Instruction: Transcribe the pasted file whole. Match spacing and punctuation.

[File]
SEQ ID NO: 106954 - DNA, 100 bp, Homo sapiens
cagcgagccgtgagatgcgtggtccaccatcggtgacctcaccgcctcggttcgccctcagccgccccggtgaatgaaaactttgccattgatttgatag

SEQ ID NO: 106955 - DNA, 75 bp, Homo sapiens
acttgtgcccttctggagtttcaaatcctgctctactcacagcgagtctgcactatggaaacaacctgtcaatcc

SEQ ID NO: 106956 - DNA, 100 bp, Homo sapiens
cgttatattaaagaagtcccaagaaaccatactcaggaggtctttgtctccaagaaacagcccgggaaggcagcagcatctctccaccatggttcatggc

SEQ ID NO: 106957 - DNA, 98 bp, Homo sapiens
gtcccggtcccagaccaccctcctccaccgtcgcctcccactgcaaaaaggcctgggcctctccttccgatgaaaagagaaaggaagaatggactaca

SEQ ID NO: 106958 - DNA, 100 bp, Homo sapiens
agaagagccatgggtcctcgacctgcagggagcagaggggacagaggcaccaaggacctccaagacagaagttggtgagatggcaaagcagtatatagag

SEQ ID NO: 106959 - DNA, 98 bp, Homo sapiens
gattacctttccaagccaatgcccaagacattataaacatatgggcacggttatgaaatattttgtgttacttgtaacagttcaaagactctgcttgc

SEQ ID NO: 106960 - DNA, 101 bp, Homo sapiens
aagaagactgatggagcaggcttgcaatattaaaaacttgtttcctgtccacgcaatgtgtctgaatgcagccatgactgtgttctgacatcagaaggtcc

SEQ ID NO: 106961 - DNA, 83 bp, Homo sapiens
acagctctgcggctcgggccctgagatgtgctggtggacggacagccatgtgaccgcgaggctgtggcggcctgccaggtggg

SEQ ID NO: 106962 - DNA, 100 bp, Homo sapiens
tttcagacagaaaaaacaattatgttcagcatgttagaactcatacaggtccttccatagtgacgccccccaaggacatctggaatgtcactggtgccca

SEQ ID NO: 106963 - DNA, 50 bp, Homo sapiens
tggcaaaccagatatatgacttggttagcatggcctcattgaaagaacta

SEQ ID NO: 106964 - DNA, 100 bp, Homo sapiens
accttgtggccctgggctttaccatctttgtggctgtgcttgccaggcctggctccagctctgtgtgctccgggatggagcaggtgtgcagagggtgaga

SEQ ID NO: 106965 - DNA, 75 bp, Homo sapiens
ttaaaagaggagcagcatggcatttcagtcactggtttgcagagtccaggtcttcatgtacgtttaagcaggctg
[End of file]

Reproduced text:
SEQ ID NO: 106954 - DNA, 100 bp, Homo sapiens
cagcgagccgtgagatgcgtggtccaccatcggtgacctcaccgcctcggttcgccctcagccgccccggtgaatgaaaactttgccattgatttgatag

SEQ ID NO: 106955 - DNA, 75 bp, Homo sapiens
acttgtgcccttctggagtttcaaatcctgctctactcacagcgagtctgcactatggaaacaacctgtcaatcc

SEQ ID NO: 106956 - DNA, 100 bp, Homo sapiens
cgttatattaaagaagtcccaagaaaccatactcaggaggtctttgtctccaagaaacagcccgggaaggcagcagcatctctccaccatggttcatggc

SEQ ID NO: 106957 - DNA, 98 bp, Homo sapiens
gtcccggtcccagaccaccctcctccaccgtcgcctcccactgcaaaaaggcctgggcctctccttccgatgaaaagagaaaggaagaatggactaca

SEQ ID NO: 106958 - DNA, 100 bp, Homo sapiens
agaagagccatgggtcctcgacctgcagggagcagaggggacagaggcaccaaggacctccaagacagaagttggtgagatggcaaagcagtatatagag

SEQ ID NO: 106959 - DNA, 98 bp, Homo sapiens
gattacctttccaagccaatgcccaagacattataaacatatgggcacggttatgaaatattttgtgttacttgtaacagttcaaagactctgcttgc

SEQ ID NO: 106960 - DNA, 101 bp, Homo sapiens
aagaagactgatggagcaggcttgcaatattaaaaacttgtttcctgtccacgcaatgtgtctgaatgcagccatgactgtgttctgacatcagaaggtcc

SEQ ID NO: 106961 - DNA, 83 bp, Homo sapiens
acagctctgcggctcgggccctgagatgtgctggtggacggacagccatgtgaccgcgaggctgtggcggcctgccaggtggg

SEQ ID NO: 106962 - DNA, 100 bp, Homo sapiens
tttcagacagaaaaaacaattatgttcagcatgttagaactcatacaggtccttccatagtgacgccccccaaggacatctggaatgtcactggtgccca

SEQ ID NO: 106963 - DNA, 50 bp, Homo sapiens
tggcaaaccagatatatgacttggttagcatggcctcattgaaagaacta

SEQ ID NO: 106964 - DNA, 100 bp, Homo sapiens
accttgtggccctgggctttaccatctttgtggctgtgcttgccaggcctggctccagctctgtgtgctccgggatggagcaggtgtgcagagggtgaga

SEQ ID NO: 106965 - DNA, 75 bp, Homo sapiens
ttaaaagaggagcagcatggcatttcagtcactggtttgcagagtccaggtcttcatgtacgtttaagcaggctg